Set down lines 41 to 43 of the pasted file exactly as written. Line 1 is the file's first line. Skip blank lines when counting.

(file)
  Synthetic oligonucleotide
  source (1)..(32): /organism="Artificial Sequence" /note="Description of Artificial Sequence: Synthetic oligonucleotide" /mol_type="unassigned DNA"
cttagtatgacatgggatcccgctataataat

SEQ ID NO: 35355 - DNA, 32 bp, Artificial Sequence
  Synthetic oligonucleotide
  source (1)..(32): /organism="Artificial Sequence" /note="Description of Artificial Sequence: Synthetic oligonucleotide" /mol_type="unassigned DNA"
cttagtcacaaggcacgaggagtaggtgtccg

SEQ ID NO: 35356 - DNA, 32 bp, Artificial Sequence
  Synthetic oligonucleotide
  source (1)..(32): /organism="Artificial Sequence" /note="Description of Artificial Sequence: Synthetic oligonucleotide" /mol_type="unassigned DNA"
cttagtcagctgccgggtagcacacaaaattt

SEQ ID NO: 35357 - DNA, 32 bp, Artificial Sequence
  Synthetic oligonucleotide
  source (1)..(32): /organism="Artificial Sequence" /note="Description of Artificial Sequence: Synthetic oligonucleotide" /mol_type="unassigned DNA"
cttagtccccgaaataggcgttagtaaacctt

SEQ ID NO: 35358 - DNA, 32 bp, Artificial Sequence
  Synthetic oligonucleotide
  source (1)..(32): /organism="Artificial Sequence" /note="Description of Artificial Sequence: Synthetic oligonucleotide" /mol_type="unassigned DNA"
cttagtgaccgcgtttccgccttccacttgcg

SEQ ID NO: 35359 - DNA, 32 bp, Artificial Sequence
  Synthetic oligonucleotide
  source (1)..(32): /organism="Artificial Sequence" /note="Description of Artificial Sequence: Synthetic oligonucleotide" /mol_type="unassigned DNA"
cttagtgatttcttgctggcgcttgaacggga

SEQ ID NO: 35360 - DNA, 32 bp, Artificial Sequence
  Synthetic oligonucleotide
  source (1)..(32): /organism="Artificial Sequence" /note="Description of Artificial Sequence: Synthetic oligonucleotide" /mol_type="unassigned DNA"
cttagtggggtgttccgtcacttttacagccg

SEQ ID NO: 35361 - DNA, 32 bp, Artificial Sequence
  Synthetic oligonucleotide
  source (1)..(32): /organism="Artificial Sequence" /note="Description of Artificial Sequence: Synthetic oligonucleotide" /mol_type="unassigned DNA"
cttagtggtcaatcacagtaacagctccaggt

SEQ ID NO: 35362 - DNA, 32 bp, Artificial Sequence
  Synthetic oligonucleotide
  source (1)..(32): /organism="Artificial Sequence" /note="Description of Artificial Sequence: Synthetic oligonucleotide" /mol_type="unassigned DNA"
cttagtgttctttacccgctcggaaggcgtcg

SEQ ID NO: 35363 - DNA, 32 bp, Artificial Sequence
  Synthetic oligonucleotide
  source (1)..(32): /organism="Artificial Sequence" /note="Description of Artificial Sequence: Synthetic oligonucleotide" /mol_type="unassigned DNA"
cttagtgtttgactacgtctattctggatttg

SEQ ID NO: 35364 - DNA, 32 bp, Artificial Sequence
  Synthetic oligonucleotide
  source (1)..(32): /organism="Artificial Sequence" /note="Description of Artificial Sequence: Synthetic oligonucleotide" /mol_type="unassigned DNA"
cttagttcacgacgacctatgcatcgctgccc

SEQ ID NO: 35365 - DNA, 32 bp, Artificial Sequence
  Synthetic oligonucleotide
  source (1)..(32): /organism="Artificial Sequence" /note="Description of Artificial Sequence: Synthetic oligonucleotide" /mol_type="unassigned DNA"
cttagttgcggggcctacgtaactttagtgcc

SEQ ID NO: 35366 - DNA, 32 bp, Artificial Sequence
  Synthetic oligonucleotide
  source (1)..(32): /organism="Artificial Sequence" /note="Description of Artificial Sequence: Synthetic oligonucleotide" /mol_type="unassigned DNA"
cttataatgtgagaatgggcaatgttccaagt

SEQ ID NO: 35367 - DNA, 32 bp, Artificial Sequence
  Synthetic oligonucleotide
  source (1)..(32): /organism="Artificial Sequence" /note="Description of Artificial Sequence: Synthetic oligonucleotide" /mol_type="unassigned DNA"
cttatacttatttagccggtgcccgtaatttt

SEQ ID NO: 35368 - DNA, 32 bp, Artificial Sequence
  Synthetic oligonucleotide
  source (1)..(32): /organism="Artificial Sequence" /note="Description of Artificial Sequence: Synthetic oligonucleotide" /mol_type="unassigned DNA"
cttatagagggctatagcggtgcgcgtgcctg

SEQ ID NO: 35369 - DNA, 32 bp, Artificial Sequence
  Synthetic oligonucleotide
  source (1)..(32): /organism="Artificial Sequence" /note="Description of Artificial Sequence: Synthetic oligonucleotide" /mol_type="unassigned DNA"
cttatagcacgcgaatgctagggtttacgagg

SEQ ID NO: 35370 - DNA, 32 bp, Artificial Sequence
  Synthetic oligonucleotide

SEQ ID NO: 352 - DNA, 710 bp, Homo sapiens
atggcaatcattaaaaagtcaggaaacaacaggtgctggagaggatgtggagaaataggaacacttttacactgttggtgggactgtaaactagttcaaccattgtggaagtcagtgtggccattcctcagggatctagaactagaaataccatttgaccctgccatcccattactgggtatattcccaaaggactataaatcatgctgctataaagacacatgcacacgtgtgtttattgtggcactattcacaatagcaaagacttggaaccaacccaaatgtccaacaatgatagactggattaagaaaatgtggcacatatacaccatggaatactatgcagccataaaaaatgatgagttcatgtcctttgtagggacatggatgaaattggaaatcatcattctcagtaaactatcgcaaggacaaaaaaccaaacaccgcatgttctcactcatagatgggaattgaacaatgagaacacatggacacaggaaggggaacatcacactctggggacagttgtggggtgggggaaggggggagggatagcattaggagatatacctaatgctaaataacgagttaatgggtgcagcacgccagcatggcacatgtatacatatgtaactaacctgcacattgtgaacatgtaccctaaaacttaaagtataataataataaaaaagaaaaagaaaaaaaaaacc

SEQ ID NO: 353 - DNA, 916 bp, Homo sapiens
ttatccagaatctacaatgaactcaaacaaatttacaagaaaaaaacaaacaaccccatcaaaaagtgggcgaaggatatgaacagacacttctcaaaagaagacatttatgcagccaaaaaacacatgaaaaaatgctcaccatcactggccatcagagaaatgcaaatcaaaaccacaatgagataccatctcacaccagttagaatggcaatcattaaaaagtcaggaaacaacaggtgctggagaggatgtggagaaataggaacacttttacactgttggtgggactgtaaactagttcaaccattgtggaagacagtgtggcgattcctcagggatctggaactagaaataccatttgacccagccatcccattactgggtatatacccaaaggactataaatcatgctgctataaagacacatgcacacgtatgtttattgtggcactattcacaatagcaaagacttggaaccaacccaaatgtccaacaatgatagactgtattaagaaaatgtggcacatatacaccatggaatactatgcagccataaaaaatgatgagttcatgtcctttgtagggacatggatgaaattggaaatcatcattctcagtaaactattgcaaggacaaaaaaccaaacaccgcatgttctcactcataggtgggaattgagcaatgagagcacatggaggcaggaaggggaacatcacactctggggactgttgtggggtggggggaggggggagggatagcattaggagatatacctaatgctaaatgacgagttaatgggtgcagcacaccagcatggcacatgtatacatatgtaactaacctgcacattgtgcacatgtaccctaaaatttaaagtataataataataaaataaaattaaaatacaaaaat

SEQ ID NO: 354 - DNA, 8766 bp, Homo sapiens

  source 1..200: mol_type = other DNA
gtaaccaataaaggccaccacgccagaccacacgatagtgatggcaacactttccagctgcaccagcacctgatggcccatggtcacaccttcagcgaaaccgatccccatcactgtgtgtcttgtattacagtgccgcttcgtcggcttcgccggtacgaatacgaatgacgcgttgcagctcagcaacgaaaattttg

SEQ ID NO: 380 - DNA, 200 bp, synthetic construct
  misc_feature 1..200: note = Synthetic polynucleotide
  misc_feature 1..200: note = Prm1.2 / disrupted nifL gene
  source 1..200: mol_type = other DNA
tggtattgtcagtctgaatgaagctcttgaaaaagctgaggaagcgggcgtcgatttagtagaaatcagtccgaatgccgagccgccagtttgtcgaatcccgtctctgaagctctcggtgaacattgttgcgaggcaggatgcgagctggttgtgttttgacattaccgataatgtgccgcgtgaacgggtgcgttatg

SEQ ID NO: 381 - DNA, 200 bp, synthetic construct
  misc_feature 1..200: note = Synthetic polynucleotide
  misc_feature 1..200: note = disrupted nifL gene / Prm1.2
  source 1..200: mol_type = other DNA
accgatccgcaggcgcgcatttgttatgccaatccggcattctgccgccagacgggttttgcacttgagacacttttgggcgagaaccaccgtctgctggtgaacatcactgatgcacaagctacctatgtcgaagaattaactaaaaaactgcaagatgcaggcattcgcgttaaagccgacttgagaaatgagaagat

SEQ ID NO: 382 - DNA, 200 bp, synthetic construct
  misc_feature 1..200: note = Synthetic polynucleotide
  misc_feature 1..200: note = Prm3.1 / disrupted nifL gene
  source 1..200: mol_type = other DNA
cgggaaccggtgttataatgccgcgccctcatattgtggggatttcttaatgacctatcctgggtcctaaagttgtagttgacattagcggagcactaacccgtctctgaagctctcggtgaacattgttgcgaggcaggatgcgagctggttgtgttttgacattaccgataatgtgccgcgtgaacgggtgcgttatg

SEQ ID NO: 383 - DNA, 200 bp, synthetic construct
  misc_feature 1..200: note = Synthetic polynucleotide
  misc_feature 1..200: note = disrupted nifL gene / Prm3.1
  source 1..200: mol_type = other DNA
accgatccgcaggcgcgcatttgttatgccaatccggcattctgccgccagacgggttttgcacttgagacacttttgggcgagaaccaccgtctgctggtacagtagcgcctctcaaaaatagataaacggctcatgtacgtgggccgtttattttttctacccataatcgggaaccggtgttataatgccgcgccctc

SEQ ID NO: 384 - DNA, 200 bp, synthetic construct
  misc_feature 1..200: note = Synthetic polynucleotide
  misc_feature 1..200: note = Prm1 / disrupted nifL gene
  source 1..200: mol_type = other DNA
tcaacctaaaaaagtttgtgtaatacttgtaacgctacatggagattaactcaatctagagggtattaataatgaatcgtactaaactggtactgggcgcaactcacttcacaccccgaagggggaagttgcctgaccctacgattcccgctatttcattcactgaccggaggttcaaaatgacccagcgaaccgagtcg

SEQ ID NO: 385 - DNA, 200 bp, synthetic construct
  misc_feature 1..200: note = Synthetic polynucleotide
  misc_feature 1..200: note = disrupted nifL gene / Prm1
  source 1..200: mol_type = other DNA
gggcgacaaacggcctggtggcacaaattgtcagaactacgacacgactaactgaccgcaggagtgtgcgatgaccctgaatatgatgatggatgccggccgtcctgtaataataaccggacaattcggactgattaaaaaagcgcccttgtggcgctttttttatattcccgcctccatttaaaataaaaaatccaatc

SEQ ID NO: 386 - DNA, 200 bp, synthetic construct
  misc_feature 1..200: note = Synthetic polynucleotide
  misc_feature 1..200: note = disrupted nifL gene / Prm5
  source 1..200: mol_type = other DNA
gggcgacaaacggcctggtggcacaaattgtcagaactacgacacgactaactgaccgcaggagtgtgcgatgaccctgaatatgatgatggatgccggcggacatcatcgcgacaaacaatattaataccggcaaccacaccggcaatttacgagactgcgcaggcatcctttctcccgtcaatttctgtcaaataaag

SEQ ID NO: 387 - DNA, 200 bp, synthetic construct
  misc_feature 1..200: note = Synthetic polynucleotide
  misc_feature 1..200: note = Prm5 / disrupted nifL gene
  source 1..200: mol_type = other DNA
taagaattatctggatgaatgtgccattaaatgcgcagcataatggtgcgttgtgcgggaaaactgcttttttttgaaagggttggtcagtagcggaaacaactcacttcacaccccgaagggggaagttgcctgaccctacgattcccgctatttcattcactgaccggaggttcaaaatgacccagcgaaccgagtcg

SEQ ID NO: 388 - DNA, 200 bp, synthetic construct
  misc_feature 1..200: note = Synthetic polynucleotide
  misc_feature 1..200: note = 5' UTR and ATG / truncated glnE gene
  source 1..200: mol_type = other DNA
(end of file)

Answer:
  Synthetic oligonucleotide
  source (1)..(32): /organism="Artificial Sequence" /note="Description of Artificial Sequence: Synthetic oligonucleotide" /mol_type="unassigned DNA"
cttagttcacgacgacctatgcatcgctgccc